My city-born and bred second husband made fun of me for always walking with my head down.  One night after visiting my folks on their farm, he complained that someone must have poop on their shoes because it sure stunk in the car.  I and my two children, all being farm-born and bred, are pretty careful.  My daughter suggested he check his own shoes.  Hah!  There it was, a pile of it filling in the space between the heel and the foot of one of his shoes.  We laughed.  We shouldn't have.  He didn't have much of a sense of humor, especially when my daughter called him out!  But he did quit telling me to keep my eyes up when walking.  LOL  

Back to the business at hand - tonight's celebration.  Catherine and Antonette have been working on our Imbolc (ee' molc, just a little reminder) ritual.  Brigid will be called upon, and they say that she will be bringing a wishing well.  Are you going to be here to drop your wish into the wishing well?

Right now, the weather is spectacular!  Hope it holds for this evening.  Imbolc is such an important Sabbat.  For the Pagans of old, it marked the end of eating the meat that got hung at Third Harvest, Samhain, to get them through the winter.  Now, at Imbolc, there would be spring lambs and fresh milk.  Yay!

Whatever you bring to the potluck will be welcome.  It is always good.  We love to eat, and there will be a bounteous feast as usual, I'm sure.  See you tonight!

Wednesday, February 3, 2016

Why are my machines always pickin' on me? And I'm not Charlie Brown . . .

Everything is breaking around here! I make my own distilled water, have used the same Waterwise unit for over 20 years. Yesterday morning, the cord from the top unit burst into flames where it plugs into the water tank, burning through the laminate on my new counter top in the soap room.  What a mess to clean up!  Soot eveywhere, in about a foot circle around the site of the mishap.  Thank goodness for built-in safeguards.  Surrounding damage was minimal, as it immediately shut down, but phew, it stinks!!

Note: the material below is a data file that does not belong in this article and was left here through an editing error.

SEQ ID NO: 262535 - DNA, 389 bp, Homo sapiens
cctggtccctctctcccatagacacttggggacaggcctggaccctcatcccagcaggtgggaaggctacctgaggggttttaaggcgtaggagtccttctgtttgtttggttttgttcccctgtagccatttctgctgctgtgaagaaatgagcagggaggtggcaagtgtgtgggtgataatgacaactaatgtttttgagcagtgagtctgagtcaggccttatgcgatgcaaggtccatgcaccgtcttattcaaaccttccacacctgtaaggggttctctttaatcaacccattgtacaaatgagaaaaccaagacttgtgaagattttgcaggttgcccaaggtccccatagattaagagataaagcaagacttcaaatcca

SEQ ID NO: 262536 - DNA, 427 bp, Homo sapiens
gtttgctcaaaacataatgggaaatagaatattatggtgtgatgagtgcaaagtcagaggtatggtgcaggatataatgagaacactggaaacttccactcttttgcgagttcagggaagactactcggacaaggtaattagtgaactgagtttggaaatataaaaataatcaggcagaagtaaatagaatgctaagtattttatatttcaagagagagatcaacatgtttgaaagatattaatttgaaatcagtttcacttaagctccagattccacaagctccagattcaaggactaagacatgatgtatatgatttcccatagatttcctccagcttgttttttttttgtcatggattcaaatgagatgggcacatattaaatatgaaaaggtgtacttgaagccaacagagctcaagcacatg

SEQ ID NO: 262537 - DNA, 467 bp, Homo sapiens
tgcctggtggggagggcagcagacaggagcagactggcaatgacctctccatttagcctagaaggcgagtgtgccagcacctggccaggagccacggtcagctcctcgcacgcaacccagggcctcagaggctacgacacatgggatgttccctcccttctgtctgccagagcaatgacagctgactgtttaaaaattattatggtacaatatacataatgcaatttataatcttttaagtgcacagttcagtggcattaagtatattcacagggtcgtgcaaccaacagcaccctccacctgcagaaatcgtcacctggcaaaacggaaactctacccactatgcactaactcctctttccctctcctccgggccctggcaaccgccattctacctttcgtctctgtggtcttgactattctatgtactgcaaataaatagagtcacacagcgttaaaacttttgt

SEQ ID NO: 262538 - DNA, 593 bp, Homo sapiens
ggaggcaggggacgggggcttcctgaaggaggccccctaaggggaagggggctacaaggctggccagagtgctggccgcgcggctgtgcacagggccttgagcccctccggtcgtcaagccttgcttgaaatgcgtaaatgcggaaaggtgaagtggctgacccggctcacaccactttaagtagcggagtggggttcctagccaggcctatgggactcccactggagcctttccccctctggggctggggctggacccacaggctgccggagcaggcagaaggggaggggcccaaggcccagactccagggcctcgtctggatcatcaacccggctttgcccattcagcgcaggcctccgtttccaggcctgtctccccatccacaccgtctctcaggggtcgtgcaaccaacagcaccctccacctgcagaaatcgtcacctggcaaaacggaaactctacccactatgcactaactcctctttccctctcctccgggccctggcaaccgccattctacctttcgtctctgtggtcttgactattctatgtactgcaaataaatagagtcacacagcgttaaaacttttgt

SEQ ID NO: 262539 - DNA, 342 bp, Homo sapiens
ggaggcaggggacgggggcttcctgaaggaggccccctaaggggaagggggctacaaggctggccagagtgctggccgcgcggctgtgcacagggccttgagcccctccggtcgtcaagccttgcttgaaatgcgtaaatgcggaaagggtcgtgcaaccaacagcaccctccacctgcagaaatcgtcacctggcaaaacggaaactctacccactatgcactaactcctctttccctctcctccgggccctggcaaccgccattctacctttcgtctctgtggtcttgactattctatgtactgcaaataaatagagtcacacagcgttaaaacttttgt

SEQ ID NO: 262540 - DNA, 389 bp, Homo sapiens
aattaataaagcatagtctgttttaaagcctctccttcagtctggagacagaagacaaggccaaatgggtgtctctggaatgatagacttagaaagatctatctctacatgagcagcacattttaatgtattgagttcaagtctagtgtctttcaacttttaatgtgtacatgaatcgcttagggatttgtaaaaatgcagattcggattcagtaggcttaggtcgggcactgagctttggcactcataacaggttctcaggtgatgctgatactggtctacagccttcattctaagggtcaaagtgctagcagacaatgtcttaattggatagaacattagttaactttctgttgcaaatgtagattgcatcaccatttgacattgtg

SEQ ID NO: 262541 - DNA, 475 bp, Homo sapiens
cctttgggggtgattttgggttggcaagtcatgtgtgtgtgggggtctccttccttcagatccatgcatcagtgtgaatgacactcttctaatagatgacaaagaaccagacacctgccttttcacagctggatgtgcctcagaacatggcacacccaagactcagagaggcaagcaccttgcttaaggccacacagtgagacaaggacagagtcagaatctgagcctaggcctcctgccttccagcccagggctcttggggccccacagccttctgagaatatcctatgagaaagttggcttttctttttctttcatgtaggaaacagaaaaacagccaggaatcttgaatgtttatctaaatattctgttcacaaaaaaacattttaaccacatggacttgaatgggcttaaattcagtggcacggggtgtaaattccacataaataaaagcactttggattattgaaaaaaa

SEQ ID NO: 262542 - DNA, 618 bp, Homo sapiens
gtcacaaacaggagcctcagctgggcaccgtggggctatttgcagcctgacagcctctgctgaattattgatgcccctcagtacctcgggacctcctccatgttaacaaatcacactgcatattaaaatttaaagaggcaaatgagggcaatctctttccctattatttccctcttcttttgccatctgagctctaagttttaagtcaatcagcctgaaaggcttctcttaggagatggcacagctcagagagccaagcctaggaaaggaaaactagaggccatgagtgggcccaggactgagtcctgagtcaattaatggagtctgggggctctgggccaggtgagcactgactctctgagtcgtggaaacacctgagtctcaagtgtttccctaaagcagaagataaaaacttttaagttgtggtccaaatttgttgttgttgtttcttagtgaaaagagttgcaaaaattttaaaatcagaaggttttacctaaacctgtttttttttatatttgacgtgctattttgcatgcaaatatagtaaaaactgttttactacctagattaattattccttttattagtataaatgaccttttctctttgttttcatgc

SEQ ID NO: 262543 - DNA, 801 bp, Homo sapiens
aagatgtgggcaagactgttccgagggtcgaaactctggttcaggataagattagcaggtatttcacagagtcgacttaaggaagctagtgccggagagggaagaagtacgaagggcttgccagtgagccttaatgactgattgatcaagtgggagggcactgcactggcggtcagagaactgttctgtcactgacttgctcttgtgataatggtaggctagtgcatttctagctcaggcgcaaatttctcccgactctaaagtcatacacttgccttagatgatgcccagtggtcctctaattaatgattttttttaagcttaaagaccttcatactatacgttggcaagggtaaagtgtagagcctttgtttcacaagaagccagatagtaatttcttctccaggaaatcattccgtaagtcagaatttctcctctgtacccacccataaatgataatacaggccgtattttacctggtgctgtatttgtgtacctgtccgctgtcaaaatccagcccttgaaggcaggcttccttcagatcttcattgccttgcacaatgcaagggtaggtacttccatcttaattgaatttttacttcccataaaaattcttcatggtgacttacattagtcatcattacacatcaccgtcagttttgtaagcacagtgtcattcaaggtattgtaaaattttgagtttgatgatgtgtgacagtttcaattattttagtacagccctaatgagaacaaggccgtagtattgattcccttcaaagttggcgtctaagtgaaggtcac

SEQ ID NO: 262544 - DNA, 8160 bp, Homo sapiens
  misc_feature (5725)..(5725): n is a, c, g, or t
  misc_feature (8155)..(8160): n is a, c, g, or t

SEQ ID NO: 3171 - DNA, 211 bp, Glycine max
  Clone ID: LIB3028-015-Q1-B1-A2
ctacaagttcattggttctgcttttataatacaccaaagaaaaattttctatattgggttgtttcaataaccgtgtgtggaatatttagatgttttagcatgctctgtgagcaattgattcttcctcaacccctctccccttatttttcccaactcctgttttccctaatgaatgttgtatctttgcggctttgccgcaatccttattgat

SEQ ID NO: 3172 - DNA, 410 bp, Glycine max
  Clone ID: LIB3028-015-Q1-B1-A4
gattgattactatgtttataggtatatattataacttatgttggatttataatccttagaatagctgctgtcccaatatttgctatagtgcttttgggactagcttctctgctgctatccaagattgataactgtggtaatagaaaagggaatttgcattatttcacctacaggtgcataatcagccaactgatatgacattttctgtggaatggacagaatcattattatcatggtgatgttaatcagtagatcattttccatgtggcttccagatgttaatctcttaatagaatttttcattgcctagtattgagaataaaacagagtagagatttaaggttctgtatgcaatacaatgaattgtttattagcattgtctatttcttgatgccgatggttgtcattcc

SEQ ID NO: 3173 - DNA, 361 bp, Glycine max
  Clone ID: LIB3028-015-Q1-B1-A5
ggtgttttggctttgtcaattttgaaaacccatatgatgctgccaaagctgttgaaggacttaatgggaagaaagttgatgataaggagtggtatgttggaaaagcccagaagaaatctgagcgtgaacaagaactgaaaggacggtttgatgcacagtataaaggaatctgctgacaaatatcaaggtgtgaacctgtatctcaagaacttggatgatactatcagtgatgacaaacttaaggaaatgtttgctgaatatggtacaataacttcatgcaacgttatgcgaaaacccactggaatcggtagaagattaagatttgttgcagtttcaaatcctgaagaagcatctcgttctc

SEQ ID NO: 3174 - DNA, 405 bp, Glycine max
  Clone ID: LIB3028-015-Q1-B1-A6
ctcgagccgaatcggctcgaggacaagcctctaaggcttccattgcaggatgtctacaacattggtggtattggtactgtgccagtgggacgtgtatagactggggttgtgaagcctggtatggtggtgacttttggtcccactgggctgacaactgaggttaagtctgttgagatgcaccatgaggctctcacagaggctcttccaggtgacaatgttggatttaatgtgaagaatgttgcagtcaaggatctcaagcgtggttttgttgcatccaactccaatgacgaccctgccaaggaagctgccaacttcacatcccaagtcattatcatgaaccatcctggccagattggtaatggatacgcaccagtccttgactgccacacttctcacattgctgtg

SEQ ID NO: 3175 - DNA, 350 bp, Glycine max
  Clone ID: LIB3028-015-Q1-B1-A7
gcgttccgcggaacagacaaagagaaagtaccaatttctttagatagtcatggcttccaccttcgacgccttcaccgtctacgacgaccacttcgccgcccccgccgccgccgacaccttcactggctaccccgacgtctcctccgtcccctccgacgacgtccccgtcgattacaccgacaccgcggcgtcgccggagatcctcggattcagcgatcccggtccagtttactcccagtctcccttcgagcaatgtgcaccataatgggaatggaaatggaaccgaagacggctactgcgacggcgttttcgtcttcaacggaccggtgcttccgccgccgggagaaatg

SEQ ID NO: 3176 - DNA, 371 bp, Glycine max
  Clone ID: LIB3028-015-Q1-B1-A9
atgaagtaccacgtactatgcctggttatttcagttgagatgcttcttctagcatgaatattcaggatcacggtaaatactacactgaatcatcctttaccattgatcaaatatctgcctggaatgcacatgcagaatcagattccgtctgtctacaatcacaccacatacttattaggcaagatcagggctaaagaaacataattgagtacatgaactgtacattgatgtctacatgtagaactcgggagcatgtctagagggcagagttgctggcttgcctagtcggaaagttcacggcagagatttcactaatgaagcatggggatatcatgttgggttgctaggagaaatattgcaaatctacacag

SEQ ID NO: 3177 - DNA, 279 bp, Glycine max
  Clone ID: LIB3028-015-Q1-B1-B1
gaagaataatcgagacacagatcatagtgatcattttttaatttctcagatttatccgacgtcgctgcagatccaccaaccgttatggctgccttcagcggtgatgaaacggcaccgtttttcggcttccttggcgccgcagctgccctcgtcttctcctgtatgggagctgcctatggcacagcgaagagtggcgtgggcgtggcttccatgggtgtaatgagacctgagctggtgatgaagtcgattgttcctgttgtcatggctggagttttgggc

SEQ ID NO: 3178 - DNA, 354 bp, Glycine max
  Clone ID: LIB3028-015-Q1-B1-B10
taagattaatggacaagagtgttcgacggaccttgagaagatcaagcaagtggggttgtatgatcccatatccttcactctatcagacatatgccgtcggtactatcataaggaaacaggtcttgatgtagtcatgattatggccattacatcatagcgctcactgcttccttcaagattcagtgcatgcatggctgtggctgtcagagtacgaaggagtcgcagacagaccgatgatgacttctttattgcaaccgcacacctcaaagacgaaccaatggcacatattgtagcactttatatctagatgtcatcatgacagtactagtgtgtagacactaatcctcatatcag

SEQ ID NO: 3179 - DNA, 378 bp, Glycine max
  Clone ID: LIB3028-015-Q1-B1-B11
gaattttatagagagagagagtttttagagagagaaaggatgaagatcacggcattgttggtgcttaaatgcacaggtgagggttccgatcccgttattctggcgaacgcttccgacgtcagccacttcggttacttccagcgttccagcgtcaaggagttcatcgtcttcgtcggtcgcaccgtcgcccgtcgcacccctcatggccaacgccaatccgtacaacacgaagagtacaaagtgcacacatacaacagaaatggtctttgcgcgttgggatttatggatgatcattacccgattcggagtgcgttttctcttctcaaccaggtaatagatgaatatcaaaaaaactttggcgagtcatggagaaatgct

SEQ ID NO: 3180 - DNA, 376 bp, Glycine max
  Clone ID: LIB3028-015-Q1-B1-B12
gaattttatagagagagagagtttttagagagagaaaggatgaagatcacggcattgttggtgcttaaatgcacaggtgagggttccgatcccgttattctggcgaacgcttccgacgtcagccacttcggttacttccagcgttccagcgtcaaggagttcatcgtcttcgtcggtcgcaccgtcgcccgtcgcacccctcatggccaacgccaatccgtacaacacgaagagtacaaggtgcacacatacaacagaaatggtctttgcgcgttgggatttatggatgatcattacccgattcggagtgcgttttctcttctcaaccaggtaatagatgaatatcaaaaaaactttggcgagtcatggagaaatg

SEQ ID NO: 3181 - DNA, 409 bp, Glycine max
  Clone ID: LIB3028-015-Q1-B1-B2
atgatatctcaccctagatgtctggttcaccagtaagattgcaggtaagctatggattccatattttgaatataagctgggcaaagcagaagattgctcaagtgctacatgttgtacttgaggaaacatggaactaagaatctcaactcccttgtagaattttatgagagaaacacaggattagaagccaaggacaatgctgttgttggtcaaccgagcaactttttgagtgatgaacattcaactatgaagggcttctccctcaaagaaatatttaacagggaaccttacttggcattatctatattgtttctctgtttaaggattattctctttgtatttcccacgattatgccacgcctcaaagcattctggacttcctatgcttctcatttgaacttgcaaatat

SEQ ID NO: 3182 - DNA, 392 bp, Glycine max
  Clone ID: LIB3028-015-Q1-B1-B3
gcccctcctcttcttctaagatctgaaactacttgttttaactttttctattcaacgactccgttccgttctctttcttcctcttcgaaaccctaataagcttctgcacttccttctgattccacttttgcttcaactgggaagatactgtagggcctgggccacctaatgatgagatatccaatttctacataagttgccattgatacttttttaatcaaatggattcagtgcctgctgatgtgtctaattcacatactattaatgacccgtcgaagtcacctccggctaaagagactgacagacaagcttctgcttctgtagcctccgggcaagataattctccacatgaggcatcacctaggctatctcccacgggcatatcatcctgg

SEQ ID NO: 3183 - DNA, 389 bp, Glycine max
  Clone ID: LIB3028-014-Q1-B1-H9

A new one is ordered, but it's not here yet. I still have one gallon of distilled water on hand, but I hope the new machine gets here soon! Not only is distilling at home cheaper, but I use at least three gallons of distilled water a week, and I don't want to have to haul it from the store.

And then, my scale that measures down to 0.1 ounce died within an hour of the fire. I've resurrected it twice, but this time all efforts were for naught. New scale ordered, still haven't even gotten a shipping notice. It is the scale I use to fill boxes of Trail Mix, one box at a time to make sure that the ingredients are evenly distributed.  Fortunately I just filled a bunch of boxes, so I'm probably good for a week or so.  

The bluetooth keyboard for my smart phone died.  I bought a warranty, but I found out that Staples doesn't handle the warranty.  I had to contact the warranty company direct, then found out that it was still under manufacturer's warranty, so I had to go to them.  It got sent back this week, and hopefully a new one will be forthcoming.  I do not do well typing with my thumbs on my phone, and I just love that keyboard!

In addition to the scale I have ordered, I have one that measures to 0.1 gram and 0.01 ounce, which I need for my essential oil business.  Well, it works fine - if I put new batteries in it every time I use it.  The auto shut-off works, but it is always dead the next time I get it out.  I guess I could have been pulling the batteries out after each use, but that is not what I bargained for when I bought it.  Same problem, the vendor I got it from doesn't do the warranty.  They were good enough to send me a copy of the receipt and the warranty (I had no idea what I had done with them), and it too went into the mail to the manufacturer this week.

Sigh - why are my machines always pickin' on me?  I really do feel like Charlie Brown today.